For the second year in a row, the Trump Administration has proposed slashing U.S. development assistance programs by almost a third. Even though strong support on both sides of the U.S. Congress may prevent many – but not all – of these cuts becoming law, it is clear that the best hope for this period may be maintaining current levels of support. As the largest donor country, U.S. leadership on foreign aid is incredibly impactful. For example, based on our experience at Global Citizen, business leaders and policy makers announced 390 collective commitments in response to campaigns we either led or supported between 2012 and 2017. These commitments totaled more than USD 35 billion with nearly half of that, USD 15 billion, coming from just 5 countries, including the United States. And of the total number of new commitments, the United States makes up a nearly a quarter. In fact, the United States has been one of the largest contributors to many of the causes we champion, be it polio eradication, water and sanitation, or food aid. Continue reading “Who will end global poverty?”
By Nora Lustig, Samuel Z. Stone Professor of Latin American Economics, Director of the Commitment to Equity Institute at Tulane University, nonresident senior fellow of the Center for Global Development and the Inter-American Dialogue, and non-resident senior research fellow at UNU-WIDER 1
Countries around the world committed to the Sustainable Development Goals (SDGs). However, achieving some of the SDGs could happen at the expense of the overarching goal of reducing poverty, at least in the short-run.2One key factor to achieving the SDGs will be the availability of fiscal resources to deliver the floors in social protection, social services and infrastructure embedded in the SDGs. A significant portion of these resources is expected to come from taxes in developing countries themselves, complemented by transfers from the countries that are better off.3 In developing countries, however, raising additional taxes domestically for infrastructure, protecting the environment and social services may leave a significant portion of the poor with less cash to buy food and other essential goods. Continue reading “The SDGs, Domestic Resource Mobilisation and the Poor”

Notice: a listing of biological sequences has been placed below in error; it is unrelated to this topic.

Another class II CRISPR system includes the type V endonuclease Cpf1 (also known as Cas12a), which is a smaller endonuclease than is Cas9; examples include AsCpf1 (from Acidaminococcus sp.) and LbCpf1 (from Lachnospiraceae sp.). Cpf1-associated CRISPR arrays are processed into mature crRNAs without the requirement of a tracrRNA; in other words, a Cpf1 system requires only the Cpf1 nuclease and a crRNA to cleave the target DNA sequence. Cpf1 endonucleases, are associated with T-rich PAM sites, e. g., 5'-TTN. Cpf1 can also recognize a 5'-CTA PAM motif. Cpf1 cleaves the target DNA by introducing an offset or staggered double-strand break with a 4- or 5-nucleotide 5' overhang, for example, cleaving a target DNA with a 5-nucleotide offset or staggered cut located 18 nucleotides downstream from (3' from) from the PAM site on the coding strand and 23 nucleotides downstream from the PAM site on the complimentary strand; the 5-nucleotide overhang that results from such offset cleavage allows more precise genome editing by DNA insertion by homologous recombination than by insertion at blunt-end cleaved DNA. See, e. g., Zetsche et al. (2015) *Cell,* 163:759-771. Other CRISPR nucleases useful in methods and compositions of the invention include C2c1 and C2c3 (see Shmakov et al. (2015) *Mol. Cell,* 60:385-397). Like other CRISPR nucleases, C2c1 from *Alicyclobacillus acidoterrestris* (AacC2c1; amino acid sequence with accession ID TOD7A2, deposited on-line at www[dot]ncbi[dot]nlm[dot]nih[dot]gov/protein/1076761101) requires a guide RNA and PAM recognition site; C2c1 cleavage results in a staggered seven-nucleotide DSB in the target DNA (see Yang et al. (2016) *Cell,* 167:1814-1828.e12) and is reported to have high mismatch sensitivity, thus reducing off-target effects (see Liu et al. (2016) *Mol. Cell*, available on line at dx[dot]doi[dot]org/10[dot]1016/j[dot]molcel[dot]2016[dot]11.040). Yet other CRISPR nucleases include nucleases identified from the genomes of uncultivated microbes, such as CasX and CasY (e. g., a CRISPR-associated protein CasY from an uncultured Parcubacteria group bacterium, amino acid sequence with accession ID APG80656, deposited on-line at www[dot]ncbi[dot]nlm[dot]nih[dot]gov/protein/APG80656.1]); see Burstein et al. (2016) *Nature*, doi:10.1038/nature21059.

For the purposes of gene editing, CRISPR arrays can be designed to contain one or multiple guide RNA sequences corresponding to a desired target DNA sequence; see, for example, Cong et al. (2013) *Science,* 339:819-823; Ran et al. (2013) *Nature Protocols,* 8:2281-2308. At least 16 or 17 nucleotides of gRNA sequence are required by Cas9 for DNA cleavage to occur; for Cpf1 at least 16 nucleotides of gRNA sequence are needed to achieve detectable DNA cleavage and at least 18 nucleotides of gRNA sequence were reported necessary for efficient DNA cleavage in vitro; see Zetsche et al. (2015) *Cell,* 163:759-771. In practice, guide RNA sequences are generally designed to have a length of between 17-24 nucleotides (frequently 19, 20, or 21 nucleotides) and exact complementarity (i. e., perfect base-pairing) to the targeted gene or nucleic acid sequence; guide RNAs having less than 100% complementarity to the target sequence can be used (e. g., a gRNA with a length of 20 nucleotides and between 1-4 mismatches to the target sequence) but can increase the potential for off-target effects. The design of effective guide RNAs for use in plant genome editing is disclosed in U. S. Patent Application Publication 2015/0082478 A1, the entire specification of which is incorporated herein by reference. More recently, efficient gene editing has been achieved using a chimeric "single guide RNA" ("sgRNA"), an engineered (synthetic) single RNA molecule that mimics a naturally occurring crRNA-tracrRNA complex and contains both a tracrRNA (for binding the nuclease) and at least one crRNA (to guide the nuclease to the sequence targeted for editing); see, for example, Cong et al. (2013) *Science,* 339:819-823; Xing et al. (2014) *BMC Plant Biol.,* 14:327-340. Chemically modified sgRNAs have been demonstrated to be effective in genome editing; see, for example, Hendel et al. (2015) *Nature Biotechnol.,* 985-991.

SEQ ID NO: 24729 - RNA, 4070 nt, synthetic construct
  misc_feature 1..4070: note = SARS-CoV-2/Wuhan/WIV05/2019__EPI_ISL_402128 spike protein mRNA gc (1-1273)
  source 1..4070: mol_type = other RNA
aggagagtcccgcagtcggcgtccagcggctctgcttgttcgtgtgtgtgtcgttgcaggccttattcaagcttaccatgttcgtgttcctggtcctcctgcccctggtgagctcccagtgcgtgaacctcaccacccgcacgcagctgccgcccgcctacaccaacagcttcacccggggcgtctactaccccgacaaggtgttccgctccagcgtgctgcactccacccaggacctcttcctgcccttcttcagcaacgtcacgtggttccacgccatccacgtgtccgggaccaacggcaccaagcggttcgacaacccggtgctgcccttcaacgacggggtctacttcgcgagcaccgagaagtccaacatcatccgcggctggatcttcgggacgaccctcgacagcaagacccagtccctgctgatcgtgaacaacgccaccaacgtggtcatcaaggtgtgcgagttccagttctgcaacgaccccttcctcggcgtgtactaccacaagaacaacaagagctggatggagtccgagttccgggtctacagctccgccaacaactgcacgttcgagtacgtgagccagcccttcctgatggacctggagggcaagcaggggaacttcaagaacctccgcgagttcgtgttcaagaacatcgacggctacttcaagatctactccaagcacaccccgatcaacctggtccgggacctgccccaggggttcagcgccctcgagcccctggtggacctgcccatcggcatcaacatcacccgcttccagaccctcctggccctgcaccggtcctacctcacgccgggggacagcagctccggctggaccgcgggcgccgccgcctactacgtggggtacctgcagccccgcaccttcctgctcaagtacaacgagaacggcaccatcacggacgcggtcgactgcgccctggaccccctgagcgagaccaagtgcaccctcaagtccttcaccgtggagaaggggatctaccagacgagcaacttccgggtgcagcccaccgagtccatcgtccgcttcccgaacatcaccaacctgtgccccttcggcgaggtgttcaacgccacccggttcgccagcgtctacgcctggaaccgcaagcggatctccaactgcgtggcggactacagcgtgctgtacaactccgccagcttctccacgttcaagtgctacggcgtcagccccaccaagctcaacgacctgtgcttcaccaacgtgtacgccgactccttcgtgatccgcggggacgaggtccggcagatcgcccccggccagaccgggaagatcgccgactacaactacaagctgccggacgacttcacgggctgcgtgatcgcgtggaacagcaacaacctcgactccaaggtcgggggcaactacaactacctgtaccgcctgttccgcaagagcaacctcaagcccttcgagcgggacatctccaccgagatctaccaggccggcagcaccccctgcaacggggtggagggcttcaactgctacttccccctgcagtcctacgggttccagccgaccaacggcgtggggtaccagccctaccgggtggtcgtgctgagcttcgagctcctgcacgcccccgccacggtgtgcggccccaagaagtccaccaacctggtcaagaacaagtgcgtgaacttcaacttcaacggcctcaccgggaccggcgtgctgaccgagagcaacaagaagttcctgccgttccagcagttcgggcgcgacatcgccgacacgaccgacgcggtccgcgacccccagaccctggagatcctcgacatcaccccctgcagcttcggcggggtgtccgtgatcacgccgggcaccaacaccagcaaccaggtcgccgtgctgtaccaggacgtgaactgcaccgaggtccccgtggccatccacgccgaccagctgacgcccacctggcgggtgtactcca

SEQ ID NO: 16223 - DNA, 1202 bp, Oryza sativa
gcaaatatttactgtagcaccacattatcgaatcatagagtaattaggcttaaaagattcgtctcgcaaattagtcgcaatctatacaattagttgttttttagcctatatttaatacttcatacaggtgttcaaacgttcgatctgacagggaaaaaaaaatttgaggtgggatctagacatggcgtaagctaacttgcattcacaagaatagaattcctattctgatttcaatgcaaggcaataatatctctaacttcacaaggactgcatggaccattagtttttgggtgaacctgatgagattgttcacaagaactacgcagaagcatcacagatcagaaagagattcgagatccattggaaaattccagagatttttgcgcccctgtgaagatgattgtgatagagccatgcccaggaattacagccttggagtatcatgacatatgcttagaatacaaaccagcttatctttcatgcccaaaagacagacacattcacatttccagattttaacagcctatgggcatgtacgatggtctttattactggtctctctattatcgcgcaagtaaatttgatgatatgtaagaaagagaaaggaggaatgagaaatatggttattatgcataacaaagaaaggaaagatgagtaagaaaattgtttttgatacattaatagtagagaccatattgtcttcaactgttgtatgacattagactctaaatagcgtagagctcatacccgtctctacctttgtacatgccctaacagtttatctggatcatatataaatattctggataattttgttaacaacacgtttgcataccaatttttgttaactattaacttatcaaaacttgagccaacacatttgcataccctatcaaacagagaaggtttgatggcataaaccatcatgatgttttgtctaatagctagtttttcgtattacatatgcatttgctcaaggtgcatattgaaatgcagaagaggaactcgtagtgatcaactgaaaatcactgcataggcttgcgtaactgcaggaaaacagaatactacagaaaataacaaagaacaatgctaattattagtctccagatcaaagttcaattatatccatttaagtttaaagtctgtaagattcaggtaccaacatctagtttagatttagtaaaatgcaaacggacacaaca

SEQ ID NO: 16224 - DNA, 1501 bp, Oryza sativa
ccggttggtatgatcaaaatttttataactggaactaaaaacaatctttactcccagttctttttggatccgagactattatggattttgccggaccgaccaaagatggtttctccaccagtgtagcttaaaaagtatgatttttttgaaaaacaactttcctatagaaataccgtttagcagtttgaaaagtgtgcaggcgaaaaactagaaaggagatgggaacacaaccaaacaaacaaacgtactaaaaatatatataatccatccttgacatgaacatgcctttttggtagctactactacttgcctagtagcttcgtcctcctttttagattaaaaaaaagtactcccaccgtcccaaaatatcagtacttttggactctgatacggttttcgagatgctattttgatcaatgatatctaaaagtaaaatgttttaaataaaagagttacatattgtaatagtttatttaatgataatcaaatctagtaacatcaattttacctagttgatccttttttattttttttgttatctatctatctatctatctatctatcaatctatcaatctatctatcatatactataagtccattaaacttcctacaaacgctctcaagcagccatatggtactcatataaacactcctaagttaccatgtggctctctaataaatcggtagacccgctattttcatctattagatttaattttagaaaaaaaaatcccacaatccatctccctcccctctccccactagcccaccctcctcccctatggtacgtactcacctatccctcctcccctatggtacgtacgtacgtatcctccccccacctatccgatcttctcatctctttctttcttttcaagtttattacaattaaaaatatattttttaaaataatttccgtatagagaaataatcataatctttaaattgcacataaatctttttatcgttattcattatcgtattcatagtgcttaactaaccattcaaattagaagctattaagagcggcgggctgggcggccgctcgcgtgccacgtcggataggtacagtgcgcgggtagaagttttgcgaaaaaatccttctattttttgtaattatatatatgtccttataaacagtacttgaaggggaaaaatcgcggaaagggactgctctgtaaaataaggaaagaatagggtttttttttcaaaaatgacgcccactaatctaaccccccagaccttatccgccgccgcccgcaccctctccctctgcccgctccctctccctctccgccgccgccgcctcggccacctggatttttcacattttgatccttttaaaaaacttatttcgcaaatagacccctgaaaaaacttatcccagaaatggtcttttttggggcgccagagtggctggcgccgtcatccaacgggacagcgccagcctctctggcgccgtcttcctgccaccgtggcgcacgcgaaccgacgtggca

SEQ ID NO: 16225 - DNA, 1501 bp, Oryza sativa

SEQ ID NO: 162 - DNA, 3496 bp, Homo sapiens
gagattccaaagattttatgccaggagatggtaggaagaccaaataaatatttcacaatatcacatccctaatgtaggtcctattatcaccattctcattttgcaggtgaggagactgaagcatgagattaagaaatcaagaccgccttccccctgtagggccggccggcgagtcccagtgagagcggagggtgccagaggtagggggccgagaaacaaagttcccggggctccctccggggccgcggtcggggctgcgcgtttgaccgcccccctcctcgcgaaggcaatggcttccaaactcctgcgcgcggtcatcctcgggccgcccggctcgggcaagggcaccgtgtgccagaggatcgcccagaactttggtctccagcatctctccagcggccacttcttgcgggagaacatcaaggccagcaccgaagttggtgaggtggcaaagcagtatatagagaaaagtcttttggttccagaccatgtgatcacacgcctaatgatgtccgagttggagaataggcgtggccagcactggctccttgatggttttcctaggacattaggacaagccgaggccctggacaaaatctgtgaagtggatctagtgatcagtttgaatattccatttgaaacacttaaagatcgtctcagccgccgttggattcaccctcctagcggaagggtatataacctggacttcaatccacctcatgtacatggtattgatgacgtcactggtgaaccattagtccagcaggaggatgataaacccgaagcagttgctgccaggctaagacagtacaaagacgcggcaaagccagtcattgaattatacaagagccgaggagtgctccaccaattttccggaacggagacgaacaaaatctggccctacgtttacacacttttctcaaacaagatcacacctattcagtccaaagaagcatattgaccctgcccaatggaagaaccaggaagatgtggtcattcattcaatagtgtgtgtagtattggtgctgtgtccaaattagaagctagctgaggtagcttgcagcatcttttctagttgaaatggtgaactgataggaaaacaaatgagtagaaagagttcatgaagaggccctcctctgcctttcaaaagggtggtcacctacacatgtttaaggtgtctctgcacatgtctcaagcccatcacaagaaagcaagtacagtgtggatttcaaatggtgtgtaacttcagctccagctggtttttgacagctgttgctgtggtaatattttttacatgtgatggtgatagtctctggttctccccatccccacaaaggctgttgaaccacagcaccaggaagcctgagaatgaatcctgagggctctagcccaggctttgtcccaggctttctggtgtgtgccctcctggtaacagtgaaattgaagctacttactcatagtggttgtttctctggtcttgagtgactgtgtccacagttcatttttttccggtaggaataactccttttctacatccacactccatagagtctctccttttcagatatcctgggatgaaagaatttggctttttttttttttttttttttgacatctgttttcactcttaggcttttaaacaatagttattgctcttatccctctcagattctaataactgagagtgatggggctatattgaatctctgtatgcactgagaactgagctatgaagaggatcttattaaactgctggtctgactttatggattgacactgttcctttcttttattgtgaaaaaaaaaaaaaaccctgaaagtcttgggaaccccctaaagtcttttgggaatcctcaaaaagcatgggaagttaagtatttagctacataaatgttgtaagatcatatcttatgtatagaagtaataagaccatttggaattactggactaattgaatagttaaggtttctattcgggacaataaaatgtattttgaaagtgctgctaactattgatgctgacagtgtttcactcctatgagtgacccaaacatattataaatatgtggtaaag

On 30 March, Htin Kyaw, a long-time adviser and ally of Aung San Suu Kyi – whose National League for Democracy party achieved a historic victory in recent elections – became the first elected civilian to hold office in Myanmar since the army took over in 1962.
The NLD won the democratic battle and enjoys unparalleled political capital and legitimacy. It must now deliver on exceedingly high expectations, build a cohesive multi-ethnic state and improve citizens’ lives. Economic progress will be indispensable if the country is to overcome years of ethnic armed conflict and move towards a common future. So what can the new government do?